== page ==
At the risk of invoking the wrath of the Beyhive, I was not a huge fan of Beyonce’s voice until 4 (and truly became a stan on Beyonce) once her voice matured and she started using more of her lower register. So, there aren’t a ton of Destiny’s child ballads that I love because it’s a lot of Beyonce doing technically impressive ad libs with a timbre I didn’t love, but I have been singing this song with my whole chest since I was in middle school like my man was literally walking out on me every day.
Blaque “Mind of a King” (1999)
Blaque was the Baby TLC nurtured by Left Eye, but they never reached the same level of success. Still there are some hidden gems there, like this one, and sometimes a slow jam is so good it doesn’t even need an impressive vocal. This song is a complete vibe that is mostly sung/spoken by Natina who also wrote the lyrics.
(And now that gives The Real Housewives of Atlanta two appearances on this list, with Kandi from Xscape and Shamari from Blaque.)
Cherish “Moment in Time” (2006)
The King sisters grew up singing together and Cherish made a huge splash with “Do It To It” which didn’t really show off all those years of training. “Moment in Time” is basically an acapella track with some instrumental flourishes and they have that blend that only sisters achieve. Listening to them sing it in the video above is actually better than the album version, because they sound better live than in the studio.
KING “Red Eye” (2016)
KING (sometimes We Are KING) are a trio based out of LA and I would group them with a subset of current R&B I call “Red Wine & Weed R&B” because it’s all very dreamy and lo-key with whispery vocals. Generally, this isn’t my genre, because I like a stronger vocal, but KING does so much with their harmonies and layering and their production is always so interesting. There’s a reason why their debut album ended up on so many Best Of lists and nabbed a Grammy nomination for Best Urban Contemporary Album — the first independent artists to be nominated in that category.
SWV “When Love Didn’t Hurt” (2016)
We all the way down here and haven’t seen SWV yet! I know some of y’all are hoppin mad because “Weak” isn’t on here, but honest to god, I have heard that song so many times I don’t even have it saved on my phone anymore. I haven’t listened to it in years. That’s one reason I chose this song instead.
The other reason is this is my favorite girl group song of the past ten years. I hesitated to put this one in chronological order because it messes up the flow of the playlist — it sounds like a 60s ballad, but it’s definitely in the post-Whitney vocal style of melisma everywhere, because y’all know Coko does not hold a note without throwing in 17 others. This is a perfect ballad, to me. The harmonies are excellent. The lead vocalists are distinct from one another. And they are putting so much emotion into it. If I was a SINGER singer, this would be my audition song.
Of all the artists who were big in the 90s and attempted a comeback the past few years, SWV is the one who actually put out a consistent album (not one, but two!) and they’re the only one with a Grammy nomination to show for it too. If y’all haven’t listened to their recent music, rectify that ASAP.
Good Girl “Misery” (2019)
Pause: Can we just stop and acknowledge that Good Girl is the sexiest girl group the industry has ever seen? Just effortlessly stunning and fly.
Another group I’ve been waiting to pop off, Good Girl first crossed my radar back in 2015 when they put out an excellent mixtape that isn’t available on streaming or for download anywhere (but I have it!). Two of them are singers who can dance and two of them are dancers who can sing, but they all perform at such a high level. All four of them trade leads and Bunny (my favorite!) is the rapper of the group. (Check out some of their Youtube covers to see what I mean.) They popped up on America’s Got Talent, but didn’t do so well, so I’m honestly a little (pleasantly) surprised they’re still together. They just put out their first album a few weeks ago, and while I’m not sure it’s the best showcase for their vocals, every song is a vibe for the kids, and my oldhead ass almost put “Good To You” on this playlist instead due to its throwback feel, but then decided against it because I certainly have the 90s represented well enough already.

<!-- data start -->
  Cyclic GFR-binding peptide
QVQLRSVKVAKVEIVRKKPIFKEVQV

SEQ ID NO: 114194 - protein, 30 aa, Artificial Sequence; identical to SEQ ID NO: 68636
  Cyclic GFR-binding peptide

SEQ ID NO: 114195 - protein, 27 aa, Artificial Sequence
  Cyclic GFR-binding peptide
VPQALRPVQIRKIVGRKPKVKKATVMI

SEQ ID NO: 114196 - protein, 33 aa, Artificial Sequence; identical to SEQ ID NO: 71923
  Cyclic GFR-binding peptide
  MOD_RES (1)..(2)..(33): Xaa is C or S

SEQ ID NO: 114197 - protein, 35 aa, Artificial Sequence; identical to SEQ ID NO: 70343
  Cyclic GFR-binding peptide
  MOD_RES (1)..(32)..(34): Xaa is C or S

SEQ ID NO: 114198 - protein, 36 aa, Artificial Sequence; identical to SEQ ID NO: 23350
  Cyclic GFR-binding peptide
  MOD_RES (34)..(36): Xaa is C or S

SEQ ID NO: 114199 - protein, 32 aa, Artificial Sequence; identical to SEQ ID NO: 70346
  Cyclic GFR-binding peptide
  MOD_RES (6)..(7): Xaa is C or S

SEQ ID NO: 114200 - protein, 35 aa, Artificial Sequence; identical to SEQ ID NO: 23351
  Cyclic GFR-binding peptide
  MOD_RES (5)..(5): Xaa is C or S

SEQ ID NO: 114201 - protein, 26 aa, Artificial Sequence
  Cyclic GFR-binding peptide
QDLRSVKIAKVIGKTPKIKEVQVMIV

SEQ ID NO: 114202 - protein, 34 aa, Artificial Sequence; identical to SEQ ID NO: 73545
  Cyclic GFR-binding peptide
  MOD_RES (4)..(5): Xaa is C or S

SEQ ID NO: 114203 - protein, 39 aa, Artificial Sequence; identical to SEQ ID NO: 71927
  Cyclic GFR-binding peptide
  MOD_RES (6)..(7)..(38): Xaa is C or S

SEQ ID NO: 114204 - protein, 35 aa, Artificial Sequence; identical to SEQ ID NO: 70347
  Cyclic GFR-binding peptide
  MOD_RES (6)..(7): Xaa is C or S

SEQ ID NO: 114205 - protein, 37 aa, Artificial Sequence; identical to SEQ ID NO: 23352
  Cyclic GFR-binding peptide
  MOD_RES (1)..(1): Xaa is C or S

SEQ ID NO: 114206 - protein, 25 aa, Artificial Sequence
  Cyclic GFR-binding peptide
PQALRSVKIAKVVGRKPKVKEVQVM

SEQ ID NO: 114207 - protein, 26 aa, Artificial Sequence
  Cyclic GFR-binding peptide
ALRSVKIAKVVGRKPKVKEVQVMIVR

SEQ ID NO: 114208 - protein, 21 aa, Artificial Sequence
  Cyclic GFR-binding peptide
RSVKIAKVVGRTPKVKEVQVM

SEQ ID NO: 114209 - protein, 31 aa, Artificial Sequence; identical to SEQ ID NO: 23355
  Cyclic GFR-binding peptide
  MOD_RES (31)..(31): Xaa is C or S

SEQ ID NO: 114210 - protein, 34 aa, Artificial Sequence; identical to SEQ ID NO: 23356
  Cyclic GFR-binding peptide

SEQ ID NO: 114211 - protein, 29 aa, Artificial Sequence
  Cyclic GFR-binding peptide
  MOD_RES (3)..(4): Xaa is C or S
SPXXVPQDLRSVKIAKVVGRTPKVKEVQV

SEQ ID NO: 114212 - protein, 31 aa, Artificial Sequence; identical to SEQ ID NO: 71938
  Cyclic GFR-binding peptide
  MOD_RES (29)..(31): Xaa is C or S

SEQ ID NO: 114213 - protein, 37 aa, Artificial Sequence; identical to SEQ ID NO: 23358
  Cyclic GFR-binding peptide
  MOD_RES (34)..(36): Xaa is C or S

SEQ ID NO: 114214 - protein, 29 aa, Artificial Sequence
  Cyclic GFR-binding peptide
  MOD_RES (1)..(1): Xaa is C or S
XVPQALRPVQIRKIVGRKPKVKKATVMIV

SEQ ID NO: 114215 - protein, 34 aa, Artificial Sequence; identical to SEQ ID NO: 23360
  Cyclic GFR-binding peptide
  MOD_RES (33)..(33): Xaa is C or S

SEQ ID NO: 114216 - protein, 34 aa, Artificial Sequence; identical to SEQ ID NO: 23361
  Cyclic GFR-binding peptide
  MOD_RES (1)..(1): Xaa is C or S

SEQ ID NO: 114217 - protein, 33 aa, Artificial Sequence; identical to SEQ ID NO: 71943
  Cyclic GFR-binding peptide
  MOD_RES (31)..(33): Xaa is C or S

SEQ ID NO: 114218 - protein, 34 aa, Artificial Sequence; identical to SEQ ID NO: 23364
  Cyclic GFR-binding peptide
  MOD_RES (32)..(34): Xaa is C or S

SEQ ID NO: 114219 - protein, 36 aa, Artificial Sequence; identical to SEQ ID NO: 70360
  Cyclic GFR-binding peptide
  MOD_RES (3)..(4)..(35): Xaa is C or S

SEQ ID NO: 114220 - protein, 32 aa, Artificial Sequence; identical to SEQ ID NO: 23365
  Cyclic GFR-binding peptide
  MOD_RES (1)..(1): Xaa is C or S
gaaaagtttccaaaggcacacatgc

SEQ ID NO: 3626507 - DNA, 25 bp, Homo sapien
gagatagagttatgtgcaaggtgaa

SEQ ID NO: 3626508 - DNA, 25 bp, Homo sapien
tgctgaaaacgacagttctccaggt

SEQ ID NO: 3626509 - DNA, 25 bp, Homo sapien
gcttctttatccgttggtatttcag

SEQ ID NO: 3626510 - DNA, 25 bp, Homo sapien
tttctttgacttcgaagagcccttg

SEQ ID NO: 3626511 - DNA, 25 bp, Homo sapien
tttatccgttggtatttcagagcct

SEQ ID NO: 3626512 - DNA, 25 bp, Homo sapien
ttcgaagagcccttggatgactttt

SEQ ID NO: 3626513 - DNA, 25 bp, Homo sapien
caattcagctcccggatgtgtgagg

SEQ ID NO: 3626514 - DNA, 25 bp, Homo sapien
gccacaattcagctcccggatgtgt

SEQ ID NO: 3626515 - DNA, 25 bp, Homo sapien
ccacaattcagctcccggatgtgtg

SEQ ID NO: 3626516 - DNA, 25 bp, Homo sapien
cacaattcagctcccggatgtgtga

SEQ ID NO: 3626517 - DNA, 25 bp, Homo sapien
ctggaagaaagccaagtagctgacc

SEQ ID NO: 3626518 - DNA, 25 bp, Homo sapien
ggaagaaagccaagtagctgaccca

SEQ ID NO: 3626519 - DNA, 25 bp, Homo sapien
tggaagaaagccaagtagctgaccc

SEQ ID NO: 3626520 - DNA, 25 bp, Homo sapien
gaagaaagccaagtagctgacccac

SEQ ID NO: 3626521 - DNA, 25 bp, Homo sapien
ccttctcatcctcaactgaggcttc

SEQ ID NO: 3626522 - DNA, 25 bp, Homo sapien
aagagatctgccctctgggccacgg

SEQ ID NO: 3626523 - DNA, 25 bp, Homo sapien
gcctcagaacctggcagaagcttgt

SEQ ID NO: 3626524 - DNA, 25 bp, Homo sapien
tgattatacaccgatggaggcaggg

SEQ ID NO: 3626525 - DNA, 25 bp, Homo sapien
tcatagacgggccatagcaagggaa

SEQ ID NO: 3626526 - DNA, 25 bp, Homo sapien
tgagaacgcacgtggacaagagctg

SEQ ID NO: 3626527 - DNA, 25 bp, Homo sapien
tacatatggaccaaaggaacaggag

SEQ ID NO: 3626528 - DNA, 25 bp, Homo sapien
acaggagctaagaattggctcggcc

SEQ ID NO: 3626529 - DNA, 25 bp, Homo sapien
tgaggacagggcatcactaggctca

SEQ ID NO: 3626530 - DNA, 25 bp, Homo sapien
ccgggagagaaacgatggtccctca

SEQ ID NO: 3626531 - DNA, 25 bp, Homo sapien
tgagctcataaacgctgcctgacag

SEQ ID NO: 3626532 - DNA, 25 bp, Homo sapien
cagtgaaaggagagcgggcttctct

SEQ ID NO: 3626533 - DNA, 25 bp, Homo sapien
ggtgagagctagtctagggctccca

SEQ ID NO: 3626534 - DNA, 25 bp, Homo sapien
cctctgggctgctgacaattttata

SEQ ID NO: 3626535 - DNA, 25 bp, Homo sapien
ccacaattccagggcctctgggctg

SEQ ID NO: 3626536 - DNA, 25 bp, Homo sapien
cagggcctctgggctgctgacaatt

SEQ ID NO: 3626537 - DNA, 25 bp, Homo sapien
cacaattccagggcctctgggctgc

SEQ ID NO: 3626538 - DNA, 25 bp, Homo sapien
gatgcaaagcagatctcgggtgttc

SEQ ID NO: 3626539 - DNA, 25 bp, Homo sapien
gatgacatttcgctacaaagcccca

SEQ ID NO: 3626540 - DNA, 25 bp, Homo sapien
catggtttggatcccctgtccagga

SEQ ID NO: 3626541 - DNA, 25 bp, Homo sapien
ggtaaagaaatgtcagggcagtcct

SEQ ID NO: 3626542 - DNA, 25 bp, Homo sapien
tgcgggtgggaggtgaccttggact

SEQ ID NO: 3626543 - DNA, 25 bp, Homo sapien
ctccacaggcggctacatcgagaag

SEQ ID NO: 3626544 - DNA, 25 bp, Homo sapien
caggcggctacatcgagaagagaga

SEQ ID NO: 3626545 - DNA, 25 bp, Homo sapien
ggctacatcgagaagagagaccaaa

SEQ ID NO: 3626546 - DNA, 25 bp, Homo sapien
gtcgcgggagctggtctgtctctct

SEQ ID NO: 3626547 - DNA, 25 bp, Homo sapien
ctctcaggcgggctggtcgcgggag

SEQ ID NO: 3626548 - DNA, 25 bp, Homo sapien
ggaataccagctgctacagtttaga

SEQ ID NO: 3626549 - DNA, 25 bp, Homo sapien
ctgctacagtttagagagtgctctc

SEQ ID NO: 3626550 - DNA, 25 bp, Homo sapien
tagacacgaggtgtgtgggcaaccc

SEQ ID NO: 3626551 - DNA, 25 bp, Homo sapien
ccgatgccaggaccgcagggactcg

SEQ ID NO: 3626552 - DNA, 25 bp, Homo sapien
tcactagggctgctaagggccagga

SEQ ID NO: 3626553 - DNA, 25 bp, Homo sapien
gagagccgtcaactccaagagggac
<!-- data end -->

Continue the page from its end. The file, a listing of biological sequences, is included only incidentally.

June’s Diary “Way Off” (2020)
I’m still waiting on June’s Diary to actually crack into Hit Song territory because there is so much talent in this group, and the fact that they’re still working at it without much success means they must be getting along and they truly enjoy what they’re doing — since they’re definitely not staying together for the money and fame. They came together in 2016 during Kelly Rowland’s competition show Chasing Destiny which was supposedly finding the next great girl group. They’re a girl group, and they’re great, but I’m still waiting on that knock-out punch. They’re excellent vocalists and this song fits right in with the current vibe of R&B ballads, which means I would smoke weed to it.
Chloe x Halle “Wonder What She Thinks Of Me” (2020)
Chloe x Halle are the best way to close out this playlist for a couple of reasons. One, they’re the most high-profile R&B girl group we have right now. Two, they’re being guided by Beyonce — and who would know more about being in an R&B girl group? Three, listen to Halle open this song — her voice gives such clear, pop timbre, the same way Diana Ross’s did back in the day. I don’t know if the Bailey sisters will ever reach the same commercial heights as some of the other greats on this list because their creativity is just a smidge left of mainstream, but they’ll probably keep giving us this level of excellence for as long as they enjoy it. And they’re having a lot of fun.
So that’s it!…..for now.
There are some notable omissions on this list, The Supremes, The Pointer Sisters, and Sister Sledge among others. This playlist is made up of songs that I know, and I just don’t know any really ballads from any of them. If you have some suggestions (by them or anybody else, especially current R&B) let me know and I’ll give it a listen!
I use Spotify, so here’s the playlist. If you use something else…you’ll have to make that yourself.